For FastAI, we’ll combine the training and validation data into one DataFrame and then split them out later. It’s just easier this way.

full_X_df = pd.concat([X_train, X_test])
full_y_df = pd.concat([y_train, y_test])
df = pd.merge(full_X_df, full_y_df, left_index=True, right_index=True)
np.sum(y_test)
62
continuous_vars, categorical_vars = cont_cat_split(df, dep_var=dep_var)

val_indices = list(range(len(X_train), len(X_train) + len(X_test)))
ind_splitter = IndexSplitter(val_indices)
splits = ind_splitter(df) 

preprocessing = [Categorify, Normalize]
to_nn = TabularPandas(df, preprocessing, categorical_vars, continuous_vars, splits=splits, y_names=dep_var)
dls = to_nn.dataloaders(64)
def my_acc(preds, gt):
    """
    The order that FAI and sklearn received inputs is flipped, so be careful.
    """
    return accuracy_score(gt.cpu(), np.rint(preds.cpu()))
nn_space = [
    {'layer1': scope.int(hp.quniform('layer1', 2, 200, 1))},
    {'layer2': scope.int(hp.quniform('layer2', 2, 500, 2))},
    {'epochs': scope.int(hp.quniform('epochs', 1, 20, 1))},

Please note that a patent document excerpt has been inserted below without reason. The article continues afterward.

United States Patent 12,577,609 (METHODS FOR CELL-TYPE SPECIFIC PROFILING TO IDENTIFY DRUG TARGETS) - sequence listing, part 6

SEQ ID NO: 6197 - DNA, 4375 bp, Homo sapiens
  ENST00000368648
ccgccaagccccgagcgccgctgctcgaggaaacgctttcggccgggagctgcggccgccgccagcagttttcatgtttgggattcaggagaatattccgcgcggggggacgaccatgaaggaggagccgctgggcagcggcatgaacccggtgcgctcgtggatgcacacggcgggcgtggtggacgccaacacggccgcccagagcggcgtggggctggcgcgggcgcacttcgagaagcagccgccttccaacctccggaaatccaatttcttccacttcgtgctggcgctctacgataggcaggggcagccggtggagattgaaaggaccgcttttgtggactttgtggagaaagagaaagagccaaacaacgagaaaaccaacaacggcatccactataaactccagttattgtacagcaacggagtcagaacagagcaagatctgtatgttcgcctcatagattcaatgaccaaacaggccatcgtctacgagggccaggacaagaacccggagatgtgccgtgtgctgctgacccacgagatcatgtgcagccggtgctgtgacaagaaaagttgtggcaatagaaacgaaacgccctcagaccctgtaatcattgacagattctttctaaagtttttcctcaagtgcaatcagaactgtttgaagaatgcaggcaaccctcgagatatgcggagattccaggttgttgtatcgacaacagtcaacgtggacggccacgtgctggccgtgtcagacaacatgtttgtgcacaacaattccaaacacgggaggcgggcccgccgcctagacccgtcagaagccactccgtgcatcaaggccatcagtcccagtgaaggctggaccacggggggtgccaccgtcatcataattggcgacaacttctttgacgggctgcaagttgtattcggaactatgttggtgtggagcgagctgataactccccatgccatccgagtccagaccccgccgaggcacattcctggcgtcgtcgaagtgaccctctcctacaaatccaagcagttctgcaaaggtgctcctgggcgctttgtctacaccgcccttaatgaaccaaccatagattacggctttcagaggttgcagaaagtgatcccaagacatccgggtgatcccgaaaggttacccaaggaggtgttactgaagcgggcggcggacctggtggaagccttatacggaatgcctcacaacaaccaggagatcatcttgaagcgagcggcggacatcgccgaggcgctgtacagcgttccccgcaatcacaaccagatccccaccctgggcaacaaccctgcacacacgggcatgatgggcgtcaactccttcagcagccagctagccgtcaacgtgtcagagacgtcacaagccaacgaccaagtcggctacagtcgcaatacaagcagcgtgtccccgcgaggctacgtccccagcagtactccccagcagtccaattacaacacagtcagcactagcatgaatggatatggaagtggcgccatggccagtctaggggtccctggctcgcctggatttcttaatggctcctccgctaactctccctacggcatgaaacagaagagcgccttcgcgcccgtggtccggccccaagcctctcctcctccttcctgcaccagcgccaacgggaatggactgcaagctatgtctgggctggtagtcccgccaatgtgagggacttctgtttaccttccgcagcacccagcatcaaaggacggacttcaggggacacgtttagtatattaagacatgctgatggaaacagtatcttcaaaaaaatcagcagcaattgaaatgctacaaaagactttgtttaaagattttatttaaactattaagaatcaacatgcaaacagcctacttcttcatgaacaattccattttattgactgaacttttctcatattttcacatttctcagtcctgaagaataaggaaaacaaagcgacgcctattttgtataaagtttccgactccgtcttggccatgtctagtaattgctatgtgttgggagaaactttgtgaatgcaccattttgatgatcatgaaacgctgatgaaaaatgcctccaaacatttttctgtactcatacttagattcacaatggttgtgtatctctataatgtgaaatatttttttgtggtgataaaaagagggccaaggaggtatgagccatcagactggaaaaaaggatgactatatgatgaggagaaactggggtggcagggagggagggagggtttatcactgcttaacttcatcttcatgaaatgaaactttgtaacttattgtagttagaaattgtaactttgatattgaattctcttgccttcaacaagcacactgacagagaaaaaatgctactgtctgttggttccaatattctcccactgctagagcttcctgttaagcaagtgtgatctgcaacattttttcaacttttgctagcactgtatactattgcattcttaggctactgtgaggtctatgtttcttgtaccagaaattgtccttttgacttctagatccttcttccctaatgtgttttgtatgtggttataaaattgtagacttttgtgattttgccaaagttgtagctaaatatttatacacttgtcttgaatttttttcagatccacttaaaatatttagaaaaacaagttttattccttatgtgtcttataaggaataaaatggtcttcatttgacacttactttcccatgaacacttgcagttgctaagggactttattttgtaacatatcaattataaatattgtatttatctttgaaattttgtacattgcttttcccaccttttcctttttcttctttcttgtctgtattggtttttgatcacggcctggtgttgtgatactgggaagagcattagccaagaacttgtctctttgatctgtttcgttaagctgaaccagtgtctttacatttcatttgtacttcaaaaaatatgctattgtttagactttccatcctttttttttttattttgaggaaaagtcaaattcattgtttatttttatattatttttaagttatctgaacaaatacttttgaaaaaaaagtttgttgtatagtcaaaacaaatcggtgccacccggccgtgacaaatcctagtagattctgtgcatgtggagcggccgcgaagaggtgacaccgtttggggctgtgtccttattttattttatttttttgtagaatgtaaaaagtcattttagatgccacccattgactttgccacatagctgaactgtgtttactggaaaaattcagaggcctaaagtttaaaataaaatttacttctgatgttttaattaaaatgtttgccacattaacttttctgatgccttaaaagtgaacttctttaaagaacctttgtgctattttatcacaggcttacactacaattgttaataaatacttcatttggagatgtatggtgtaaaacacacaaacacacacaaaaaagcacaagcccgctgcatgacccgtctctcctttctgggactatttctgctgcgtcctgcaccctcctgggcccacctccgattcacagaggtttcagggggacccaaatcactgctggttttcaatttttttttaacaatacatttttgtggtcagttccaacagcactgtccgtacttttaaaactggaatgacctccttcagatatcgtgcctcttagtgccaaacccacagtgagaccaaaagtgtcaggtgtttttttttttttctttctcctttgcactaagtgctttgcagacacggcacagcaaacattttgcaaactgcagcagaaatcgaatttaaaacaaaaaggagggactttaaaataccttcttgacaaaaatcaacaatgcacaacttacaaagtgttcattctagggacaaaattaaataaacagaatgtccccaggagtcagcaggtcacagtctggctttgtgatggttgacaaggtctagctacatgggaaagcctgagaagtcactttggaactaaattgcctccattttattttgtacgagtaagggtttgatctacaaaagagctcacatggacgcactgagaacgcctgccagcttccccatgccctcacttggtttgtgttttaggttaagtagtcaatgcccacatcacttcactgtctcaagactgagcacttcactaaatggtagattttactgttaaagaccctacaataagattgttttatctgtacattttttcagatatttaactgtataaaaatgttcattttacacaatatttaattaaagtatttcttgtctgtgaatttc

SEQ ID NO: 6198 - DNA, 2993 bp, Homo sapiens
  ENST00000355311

{'lr': hp.uniform('lr', 1e-7, 1e-1)},
]
def objective(params):
    learn = tabular_learner(dls, y_range=(y.min(), y.max()), layers=[params[0]['layer1'],params[1]['layer2']], metrics=accuracy)
    with learn.no_bar(), learn.no_logging():
        learn.fit(params[2]['epochs'], params[3]['lr'])
    return {'loss': learn.recorder.losses[-1], 'status': STATUS_OK}
trials = Trials()

best = fmin(objective,
    space=nn_space,
    algo=tpe.suggest,
    max_evals=num_trials,
           trials=trials)
print(best)
100%|███████████████████████████████████████████| 500/500 [2:36:05<00:00, 18.73s/trial, best loss: 0.12682415544986725]
{'epochs': 20.0, 'layer1': 181.0, 'layer2': 158.0, 'lr': 0.004167824772417915}
nn_best_hyperparams = space_eval(nn_space, trials.argmin)
nn_best_hyperparams
({'layer1': 181},
 {'layer2': 158},
 {'epochs': 20},
 {'lr': 0.004167824772417915})
learn = tabular_learner(dls, y_range=(y.min(), y.max()), 
                        layers=[nn_best_hyperparams[0]['layer1'], nn_best_hyperparams[1]['layer2']], metrics=my_acc)
learn.fit(nn_best_hyperparams[2]['epochs'], nn_best_hyperparams[3]['lr'], )
epoch train_loss valid_loss my_acc time
0 0.152055 0.210501 0.703523 00:01
1 0.149081 0.241731 0.587084 00:01
2 0.147788 0.208247 0.710372 00:01
3 0.144673 0.194463 0.737769 00:01
4 0.142503 0.195599 0.729941 00:01
5 0.143986 0.247592 0.614481 00:01
6 0.140043 0.233124 0.599804 00:01
7 0.140295 0.193624 0.726027 00:01
8 0.135865 0.200070 0.707436 00:01
9 0.134626 0.198199 0.737769 00:01
10 0.138697 0.211755 0.710372 00:01
11 0.133714 0.199920 0.726027 00:01
12 0.139617 0.222729 0.687867 00:01
13 0.131833 0.192564 0.747554 00:01
14 0.133367 0.180420 0.767123 00:01
15 0.133702 0.213077 0.709393 00:01